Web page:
Archives for the month of: January, 2015

Stings of isopropyl. Notes of Bourbon, whiskey, whisky, rye, and Scotch.

Wet and fluid. Burns. Tastes like whiskey, whisky, rye, and Scotch with a strong, strong Bourbon presence. Rinse and repeat.

Took about seven hours to finish the bottle.

Empty Glass:
Before passing out on the hardwood floor I threw the empty glass across the room, it shattered against the fireplace.

Yes you are the only one in the room, yes I am talking to you, and yes I do have a problem. Any more questions motherfucker?

Why didn’t John Boehner travel to Paris to represent America at the Unity Rally and stand with the people of Europe and all those other world leaders to show support for the freedom of the press and say “I am Charlie!”? The biggest rally France has had in modern times and he can’t make the time for it? I’m not feeling very proud to be an American today. Boehner skipping this event just proves he’s a muslim marxist who’s trying to destroy America and bring Sharia law here. God help us!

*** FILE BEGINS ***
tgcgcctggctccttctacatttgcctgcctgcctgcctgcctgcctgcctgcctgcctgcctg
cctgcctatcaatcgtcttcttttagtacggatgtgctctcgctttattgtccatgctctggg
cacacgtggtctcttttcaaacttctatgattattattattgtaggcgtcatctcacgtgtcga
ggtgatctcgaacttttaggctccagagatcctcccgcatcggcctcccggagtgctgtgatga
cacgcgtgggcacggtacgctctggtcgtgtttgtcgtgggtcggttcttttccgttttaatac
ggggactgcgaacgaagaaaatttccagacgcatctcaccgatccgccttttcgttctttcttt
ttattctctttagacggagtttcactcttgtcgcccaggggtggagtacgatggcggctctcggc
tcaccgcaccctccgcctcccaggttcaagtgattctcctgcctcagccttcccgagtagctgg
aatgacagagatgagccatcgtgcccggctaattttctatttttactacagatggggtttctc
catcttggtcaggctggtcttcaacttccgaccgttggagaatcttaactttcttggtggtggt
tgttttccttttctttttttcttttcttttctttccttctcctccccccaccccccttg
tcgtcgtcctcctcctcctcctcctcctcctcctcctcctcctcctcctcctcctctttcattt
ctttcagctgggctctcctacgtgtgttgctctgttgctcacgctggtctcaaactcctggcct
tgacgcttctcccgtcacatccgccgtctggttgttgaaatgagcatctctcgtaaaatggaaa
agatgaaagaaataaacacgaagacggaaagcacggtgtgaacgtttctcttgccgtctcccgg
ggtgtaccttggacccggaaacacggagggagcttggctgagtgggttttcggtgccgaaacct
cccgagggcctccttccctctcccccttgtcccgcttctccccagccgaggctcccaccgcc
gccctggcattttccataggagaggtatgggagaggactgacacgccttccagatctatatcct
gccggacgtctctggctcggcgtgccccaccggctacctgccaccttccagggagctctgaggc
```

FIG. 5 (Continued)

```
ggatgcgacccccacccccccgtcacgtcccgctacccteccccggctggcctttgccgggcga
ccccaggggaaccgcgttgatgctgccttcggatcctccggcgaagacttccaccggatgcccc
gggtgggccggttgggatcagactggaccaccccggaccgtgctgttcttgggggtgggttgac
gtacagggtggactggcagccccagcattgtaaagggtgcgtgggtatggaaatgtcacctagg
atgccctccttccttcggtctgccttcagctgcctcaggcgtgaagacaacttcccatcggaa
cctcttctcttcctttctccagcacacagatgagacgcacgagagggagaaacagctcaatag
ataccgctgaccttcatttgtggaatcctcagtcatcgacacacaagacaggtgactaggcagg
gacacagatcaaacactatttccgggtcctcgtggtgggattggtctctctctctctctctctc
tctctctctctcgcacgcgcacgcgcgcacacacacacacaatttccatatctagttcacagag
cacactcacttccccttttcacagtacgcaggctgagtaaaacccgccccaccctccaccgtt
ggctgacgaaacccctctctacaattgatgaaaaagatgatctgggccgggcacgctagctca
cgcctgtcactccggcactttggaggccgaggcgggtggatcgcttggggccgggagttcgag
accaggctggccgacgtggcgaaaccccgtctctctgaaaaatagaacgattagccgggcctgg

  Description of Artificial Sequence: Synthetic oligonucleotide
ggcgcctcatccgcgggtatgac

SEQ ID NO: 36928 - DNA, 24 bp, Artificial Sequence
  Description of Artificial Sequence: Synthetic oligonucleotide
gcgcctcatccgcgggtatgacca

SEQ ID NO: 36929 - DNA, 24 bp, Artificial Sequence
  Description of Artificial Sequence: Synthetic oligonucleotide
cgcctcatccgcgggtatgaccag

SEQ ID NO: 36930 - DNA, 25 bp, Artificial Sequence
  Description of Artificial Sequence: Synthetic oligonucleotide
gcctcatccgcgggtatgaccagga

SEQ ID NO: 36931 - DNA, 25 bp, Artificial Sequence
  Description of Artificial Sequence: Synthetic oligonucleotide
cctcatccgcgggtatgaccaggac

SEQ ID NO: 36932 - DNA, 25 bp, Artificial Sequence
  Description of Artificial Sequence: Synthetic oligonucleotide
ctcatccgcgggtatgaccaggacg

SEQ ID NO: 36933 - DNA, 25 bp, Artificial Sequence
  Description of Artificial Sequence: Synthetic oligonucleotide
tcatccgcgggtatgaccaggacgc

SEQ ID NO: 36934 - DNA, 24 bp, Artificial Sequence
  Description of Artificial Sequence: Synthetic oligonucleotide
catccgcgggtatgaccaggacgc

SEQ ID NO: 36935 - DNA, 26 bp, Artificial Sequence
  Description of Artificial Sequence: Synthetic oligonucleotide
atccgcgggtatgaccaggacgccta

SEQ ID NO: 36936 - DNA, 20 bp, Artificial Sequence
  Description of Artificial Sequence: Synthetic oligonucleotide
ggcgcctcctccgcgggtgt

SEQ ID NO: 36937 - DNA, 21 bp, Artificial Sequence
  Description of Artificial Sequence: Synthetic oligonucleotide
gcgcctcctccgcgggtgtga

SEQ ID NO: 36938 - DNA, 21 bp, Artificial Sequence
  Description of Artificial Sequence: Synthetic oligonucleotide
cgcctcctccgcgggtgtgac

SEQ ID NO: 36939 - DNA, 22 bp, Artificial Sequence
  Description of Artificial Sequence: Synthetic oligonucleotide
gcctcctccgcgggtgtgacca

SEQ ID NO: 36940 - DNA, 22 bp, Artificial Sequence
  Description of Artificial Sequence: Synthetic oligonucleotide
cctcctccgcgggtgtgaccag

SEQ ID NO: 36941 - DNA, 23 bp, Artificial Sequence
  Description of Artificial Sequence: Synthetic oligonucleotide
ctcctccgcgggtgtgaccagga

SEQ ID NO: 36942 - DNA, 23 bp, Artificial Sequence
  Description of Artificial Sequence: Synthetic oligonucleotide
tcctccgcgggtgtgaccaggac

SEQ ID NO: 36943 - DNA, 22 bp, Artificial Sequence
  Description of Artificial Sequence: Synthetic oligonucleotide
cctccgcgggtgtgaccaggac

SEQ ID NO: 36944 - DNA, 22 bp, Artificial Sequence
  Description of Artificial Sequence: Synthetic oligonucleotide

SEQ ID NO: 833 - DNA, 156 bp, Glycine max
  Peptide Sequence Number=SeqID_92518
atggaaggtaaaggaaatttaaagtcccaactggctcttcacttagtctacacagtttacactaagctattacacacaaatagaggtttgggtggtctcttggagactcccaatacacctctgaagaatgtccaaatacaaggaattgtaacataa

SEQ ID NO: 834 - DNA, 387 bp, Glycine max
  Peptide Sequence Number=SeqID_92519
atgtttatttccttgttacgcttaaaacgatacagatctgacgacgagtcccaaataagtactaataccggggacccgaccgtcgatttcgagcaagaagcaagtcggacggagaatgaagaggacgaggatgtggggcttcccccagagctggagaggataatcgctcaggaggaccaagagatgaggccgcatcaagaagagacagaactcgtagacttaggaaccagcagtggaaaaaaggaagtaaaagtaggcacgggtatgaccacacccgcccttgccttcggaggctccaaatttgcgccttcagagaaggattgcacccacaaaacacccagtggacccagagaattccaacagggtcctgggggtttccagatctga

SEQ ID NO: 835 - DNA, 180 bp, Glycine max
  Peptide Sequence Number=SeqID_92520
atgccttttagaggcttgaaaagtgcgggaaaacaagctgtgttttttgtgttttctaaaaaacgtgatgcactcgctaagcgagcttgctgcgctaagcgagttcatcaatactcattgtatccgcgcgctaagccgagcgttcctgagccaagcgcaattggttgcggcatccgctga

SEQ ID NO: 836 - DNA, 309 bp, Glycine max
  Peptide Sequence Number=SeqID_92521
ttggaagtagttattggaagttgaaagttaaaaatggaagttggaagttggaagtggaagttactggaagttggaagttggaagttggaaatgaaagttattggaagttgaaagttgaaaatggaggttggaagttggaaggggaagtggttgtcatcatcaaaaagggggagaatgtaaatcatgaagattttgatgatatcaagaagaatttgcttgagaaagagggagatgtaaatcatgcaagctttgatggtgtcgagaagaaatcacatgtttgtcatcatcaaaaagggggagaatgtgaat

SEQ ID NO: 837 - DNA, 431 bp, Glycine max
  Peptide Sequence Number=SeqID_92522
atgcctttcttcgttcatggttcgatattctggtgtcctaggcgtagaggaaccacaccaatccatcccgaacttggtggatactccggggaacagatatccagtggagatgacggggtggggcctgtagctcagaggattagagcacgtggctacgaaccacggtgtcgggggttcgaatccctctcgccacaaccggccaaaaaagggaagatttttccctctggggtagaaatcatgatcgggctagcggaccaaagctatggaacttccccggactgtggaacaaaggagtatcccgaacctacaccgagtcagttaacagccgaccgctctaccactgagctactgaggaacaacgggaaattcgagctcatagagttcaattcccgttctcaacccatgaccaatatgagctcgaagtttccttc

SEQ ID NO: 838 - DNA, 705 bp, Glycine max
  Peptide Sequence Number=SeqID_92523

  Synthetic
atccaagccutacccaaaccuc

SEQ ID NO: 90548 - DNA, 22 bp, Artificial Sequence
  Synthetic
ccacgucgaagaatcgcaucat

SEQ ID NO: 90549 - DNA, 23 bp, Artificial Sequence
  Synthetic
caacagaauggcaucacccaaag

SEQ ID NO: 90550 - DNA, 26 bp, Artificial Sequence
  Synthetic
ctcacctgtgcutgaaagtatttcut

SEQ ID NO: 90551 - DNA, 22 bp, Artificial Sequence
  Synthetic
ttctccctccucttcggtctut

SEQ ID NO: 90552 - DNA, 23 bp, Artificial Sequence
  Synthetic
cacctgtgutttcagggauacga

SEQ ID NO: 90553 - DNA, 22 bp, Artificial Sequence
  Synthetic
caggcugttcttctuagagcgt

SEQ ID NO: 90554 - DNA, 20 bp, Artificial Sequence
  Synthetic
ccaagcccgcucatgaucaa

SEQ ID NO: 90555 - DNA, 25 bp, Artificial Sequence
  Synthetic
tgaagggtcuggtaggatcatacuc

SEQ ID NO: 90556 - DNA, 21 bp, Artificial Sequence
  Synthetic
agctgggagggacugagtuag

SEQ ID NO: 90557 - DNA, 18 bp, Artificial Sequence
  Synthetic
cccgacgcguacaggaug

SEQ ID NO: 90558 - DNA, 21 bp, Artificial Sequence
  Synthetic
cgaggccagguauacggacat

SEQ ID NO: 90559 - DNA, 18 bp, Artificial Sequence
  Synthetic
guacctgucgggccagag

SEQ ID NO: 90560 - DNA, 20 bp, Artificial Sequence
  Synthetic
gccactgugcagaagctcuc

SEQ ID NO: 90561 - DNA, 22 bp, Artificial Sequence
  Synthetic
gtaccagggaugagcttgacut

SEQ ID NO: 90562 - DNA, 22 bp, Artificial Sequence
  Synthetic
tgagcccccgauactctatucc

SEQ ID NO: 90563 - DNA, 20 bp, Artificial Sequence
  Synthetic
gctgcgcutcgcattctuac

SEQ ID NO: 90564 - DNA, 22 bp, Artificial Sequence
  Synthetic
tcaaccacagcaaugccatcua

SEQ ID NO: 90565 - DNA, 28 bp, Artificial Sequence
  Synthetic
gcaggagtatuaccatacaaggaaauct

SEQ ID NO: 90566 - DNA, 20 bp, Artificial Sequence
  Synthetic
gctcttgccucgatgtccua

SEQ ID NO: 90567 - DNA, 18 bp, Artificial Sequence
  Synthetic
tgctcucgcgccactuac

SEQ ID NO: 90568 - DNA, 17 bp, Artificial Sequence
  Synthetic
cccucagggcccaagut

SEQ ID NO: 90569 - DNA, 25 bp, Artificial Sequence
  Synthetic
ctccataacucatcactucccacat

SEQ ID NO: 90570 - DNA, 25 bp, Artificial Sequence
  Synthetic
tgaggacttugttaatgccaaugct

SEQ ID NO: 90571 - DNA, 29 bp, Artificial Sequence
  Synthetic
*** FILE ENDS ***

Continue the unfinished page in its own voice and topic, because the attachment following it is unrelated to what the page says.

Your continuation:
I wanted Green Bay to win but Dallas was robbed. The receiver had plenty of control of the ball in my opinion.

I think the officials and the NFL err on these calls in a “letting perfect be the enemy of good” manner. I think the receiver should be allowed to be a touch sloppy as catches in the NFL are hard to make. As long as the receiver isn’t obviously bobbling the ball I say “COMPLETE – FIRST DOWN!”.

I also think you shouldn’t be able to take a knee, I think you should have to run a play. So I might not see things as the NFL does.

What I saw is the receiver had control, then the defender knocked it loose a bit, and then the receiver regained control and maintained it until the ball hit the ground when it came a bit loose again but the receiver never let the ball completely loose, he even kept the ball in his hands after the ground caused to ball to move around in his hands. If that’s what happened, what was insufficient in the receiver’s effort? I know there are rules about amount of steps and “full control” while going to the ground and all, but I think all that’s catch-robbing and does not advance the spirit of the game or properly reward the receiver for doing all they can in a tough situation.